Mall Giant Intu Warns of Bankruptcy: First, the Meltdown of Brick & Mortar Retail, Now COVID-19

Local governments end up buying dying malls to keep them from becoming dead zones.

By Nick Corbishley, for WOLF STREET:

Intu Properties which owns dozens of malls in the UK, including nine of the 20 biggest, as well as a handful in Spain, warned this week that it is on the brink of bankruptcy after declaring losses of £2 billion for 2019 and a debt of £4.5 billion. Its portfolio of properties is still valued on its books at £6.6 billion, down 33% from December 2017. Its shares are now worth just four pennies a piece. Two and a half years ago, before many of its high-profile tenants began dropping like flies, the company was worth more than £2 billion; today it’s worth just £55 million.

Like-for-like net rental income was also down by 9% in 2019, to £401 million, due in large part to some of its once-thriving tenants entering administration or company voluntary arrangements (a form of bankruptcy), as well as an increased vacancy rate.

Now, to stave off its own bankruptcy, Intu desperately needs to raise new funds. Intu’s original plan to raise fresh equity capital, unveiled less than two months ago, already failed. It wanted to raise at least £1.3 billion to fortify its shaky finances, keep its creditors at bay, and avoid defaulting on its huge debt pile. But trying to convince already skeptical investors to inject fresh funds, after its shares have already collapsed to almost zero, at a time when the UK’s retail sector is in the deepest of doldrums, was always going to be a tough sale.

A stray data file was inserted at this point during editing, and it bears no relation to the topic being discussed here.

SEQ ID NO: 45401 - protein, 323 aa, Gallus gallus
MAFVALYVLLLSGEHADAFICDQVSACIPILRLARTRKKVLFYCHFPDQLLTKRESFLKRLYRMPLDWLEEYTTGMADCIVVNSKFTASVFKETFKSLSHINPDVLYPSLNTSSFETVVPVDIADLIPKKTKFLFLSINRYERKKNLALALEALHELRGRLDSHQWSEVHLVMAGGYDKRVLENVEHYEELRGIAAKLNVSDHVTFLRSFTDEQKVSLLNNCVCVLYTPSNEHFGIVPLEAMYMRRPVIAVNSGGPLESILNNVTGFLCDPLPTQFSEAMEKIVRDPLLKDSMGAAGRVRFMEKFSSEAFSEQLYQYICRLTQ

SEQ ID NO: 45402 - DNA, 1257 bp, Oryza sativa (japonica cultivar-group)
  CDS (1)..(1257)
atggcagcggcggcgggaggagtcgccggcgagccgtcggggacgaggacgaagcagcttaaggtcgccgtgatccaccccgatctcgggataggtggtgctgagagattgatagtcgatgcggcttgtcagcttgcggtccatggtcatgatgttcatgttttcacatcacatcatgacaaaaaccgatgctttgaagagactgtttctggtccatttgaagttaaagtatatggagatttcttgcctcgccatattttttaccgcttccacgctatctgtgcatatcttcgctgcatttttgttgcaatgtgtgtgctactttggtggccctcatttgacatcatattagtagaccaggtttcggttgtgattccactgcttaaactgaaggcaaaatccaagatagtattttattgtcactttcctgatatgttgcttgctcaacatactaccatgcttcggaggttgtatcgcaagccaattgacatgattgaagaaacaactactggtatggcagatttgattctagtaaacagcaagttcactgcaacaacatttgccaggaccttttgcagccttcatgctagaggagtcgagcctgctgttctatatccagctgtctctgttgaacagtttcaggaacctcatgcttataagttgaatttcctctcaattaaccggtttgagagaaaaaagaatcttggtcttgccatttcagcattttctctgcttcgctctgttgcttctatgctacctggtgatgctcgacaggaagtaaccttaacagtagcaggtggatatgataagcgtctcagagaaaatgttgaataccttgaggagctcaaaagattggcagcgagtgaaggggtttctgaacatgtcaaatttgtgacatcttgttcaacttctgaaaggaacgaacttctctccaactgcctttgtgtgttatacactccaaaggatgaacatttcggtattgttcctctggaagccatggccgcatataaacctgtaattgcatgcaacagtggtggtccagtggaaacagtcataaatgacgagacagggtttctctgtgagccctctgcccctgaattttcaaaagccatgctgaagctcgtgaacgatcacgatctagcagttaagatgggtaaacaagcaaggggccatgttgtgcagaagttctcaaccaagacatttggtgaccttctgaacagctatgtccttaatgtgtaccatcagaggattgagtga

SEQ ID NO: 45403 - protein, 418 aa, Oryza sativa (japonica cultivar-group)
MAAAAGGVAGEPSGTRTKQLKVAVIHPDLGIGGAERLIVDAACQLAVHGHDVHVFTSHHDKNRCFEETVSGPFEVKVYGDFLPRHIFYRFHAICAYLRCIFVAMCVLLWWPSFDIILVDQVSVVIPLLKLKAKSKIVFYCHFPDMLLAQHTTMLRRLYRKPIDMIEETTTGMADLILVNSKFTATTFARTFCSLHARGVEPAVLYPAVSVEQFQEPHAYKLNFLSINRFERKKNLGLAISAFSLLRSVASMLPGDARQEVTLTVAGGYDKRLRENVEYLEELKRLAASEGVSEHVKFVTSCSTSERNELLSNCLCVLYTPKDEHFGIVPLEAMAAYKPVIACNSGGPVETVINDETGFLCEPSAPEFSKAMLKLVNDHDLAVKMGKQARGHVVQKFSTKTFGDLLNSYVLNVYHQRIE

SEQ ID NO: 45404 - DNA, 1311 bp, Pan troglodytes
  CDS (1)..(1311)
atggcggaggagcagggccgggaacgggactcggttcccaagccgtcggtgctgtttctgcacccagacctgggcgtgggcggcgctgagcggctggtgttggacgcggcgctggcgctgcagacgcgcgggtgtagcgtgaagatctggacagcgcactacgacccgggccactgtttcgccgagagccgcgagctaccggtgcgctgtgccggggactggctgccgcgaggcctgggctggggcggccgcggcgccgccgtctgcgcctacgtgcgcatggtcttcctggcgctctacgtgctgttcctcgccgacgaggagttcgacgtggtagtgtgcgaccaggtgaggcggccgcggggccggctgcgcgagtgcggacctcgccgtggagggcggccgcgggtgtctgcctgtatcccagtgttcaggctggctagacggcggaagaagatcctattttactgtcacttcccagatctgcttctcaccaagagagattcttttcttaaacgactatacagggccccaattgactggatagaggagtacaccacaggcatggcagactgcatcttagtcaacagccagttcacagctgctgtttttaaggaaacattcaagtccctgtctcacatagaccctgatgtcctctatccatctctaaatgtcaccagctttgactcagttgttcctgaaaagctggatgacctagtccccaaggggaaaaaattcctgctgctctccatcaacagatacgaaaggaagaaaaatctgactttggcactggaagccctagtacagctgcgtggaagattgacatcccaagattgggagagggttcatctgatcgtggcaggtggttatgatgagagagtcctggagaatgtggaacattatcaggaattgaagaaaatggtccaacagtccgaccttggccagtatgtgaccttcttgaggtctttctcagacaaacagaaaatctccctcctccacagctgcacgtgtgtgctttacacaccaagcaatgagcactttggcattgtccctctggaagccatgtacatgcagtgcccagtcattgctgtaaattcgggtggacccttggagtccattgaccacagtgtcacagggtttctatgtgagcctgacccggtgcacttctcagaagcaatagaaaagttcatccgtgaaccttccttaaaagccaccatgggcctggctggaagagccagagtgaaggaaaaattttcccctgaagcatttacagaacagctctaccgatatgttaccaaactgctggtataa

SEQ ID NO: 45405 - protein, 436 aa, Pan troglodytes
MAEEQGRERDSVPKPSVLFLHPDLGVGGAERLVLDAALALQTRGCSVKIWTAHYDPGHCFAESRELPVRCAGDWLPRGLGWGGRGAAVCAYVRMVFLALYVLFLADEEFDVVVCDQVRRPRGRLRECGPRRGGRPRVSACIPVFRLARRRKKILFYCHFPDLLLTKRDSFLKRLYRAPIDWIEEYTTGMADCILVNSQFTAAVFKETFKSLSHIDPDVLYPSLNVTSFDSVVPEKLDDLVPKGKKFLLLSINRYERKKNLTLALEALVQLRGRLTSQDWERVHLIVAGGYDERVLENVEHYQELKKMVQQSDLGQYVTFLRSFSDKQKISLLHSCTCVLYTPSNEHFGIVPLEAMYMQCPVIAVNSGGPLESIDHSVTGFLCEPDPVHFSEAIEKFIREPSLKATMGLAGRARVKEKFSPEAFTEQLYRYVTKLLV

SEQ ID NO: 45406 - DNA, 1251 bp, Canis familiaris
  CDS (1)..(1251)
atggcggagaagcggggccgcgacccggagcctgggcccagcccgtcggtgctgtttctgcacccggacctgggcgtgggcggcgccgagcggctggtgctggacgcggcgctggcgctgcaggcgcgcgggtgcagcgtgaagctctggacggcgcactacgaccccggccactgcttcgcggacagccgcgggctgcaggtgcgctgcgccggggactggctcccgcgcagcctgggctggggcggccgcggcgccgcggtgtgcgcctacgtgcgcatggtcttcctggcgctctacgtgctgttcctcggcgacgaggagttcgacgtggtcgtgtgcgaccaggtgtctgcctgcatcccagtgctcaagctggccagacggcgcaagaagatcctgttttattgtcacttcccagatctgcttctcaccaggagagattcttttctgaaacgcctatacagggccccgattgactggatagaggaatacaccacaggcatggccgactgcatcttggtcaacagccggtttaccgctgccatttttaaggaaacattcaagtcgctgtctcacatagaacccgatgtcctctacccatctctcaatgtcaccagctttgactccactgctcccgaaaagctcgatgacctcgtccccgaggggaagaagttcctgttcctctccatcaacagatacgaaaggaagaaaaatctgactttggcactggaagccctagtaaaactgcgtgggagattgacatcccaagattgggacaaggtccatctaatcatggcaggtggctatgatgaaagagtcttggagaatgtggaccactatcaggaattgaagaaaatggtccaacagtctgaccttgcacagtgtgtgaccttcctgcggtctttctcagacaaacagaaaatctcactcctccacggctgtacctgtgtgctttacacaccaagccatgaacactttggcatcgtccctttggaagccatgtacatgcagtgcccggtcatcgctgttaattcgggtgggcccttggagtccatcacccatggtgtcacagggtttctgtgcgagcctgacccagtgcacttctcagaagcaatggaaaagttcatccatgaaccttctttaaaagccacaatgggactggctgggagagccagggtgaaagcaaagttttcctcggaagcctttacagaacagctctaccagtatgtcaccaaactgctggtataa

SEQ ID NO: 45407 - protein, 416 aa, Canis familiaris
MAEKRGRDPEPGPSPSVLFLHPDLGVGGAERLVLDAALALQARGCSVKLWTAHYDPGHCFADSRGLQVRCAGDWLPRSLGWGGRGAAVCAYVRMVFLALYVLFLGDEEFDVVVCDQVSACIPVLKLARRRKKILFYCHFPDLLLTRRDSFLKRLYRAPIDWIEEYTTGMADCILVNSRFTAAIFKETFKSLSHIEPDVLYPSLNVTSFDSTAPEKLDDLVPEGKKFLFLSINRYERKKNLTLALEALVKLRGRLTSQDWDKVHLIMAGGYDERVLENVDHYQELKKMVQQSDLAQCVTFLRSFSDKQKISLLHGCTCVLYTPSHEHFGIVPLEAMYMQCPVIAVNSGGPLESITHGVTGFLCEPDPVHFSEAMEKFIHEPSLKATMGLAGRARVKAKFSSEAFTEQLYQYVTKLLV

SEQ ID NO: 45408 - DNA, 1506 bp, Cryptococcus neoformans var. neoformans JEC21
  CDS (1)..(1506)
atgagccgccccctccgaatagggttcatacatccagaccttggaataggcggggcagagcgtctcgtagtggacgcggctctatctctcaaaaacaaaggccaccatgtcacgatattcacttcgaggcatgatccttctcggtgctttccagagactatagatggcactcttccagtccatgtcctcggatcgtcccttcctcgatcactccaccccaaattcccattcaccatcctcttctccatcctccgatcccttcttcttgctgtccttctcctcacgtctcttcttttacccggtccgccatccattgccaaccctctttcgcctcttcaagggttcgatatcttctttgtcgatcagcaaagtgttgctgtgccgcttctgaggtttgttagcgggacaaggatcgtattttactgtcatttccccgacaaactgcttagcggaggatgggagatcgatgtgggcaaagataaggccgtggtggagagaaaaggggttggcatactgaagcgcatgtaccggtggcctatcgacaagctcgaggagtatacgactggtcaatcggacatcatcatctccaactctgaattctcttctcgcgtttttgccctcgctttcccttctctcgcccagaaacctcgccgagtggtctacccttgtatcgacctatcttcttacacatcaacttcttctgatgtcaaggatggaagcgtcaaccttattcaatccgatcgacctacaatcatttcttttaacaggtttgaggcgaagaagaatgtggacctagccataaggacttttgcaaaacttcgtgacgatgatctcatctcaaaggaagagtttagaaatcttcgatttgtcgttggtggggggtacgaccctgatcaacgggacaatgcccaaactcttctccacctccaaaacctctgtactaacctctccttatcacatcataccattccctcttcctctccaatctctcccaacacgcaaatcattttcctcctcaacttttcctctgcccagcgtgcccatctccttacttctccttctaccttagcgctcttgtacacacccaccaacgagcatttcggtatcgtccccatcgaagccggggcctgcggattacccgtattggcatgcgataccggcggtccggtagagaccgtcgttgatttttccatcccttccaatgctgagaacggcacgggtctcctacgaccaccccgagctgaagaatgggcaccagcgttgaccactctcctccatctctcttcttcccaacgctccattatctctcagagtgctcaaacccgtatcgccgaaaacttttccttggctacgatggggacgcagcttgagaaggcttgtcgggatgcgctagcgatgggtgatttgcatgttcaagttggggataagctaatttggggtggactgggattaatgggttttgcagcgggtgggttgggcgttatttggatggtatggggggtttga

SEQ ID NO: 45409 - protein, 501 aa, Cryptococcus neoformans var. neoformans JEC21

The first major investor to pull out of the equity raise was Hong Kong-based Link Real Estate Investment Trust. Others quickly followed and by last week Intu conceded that its plan had been a complete flop, which it nonetheless blamed on “extreme market conditions,” meaning the coronavirus, which is expected to further decimate store traffic in the coming weeks.

Unless another solution is found, Intu will soon breach multiple debt covenants. This could cause lenders, including HSBC and Royal Bank of Scotland, to take control of its assets — assets they would rather not have and will probably quickly sell.

The company has £190 million of debt maturing and £93 million of swaps payable within the next 12 months, compared to £168 million of cash and £129 million of other available funding facilities. Things get particularly hairy thereafter, with £920 million of debt coming due in 2021, followed by £780 million in 2022, £1.03 billion in 2023 and £670 million in 2024.

Intu’s CEO Matthew Roberts insists that while “a material uncertainty exists that may cast significant doubt on the group and company’s ability to continue as a going concern,” the company still has “options.” Those apparently include “negotiat[ing] covenant waivers” and “alternative capital structures and further disposals to provide liquidity.”

It has already sold a number of properties, including two of its three Spanish properties, in a bid to raise cash and bring down its debt, but now pressure is rising on it to offload some of its most valuable UK properties. But once Intu sells those, it will have precious little left of real value with which to generate income.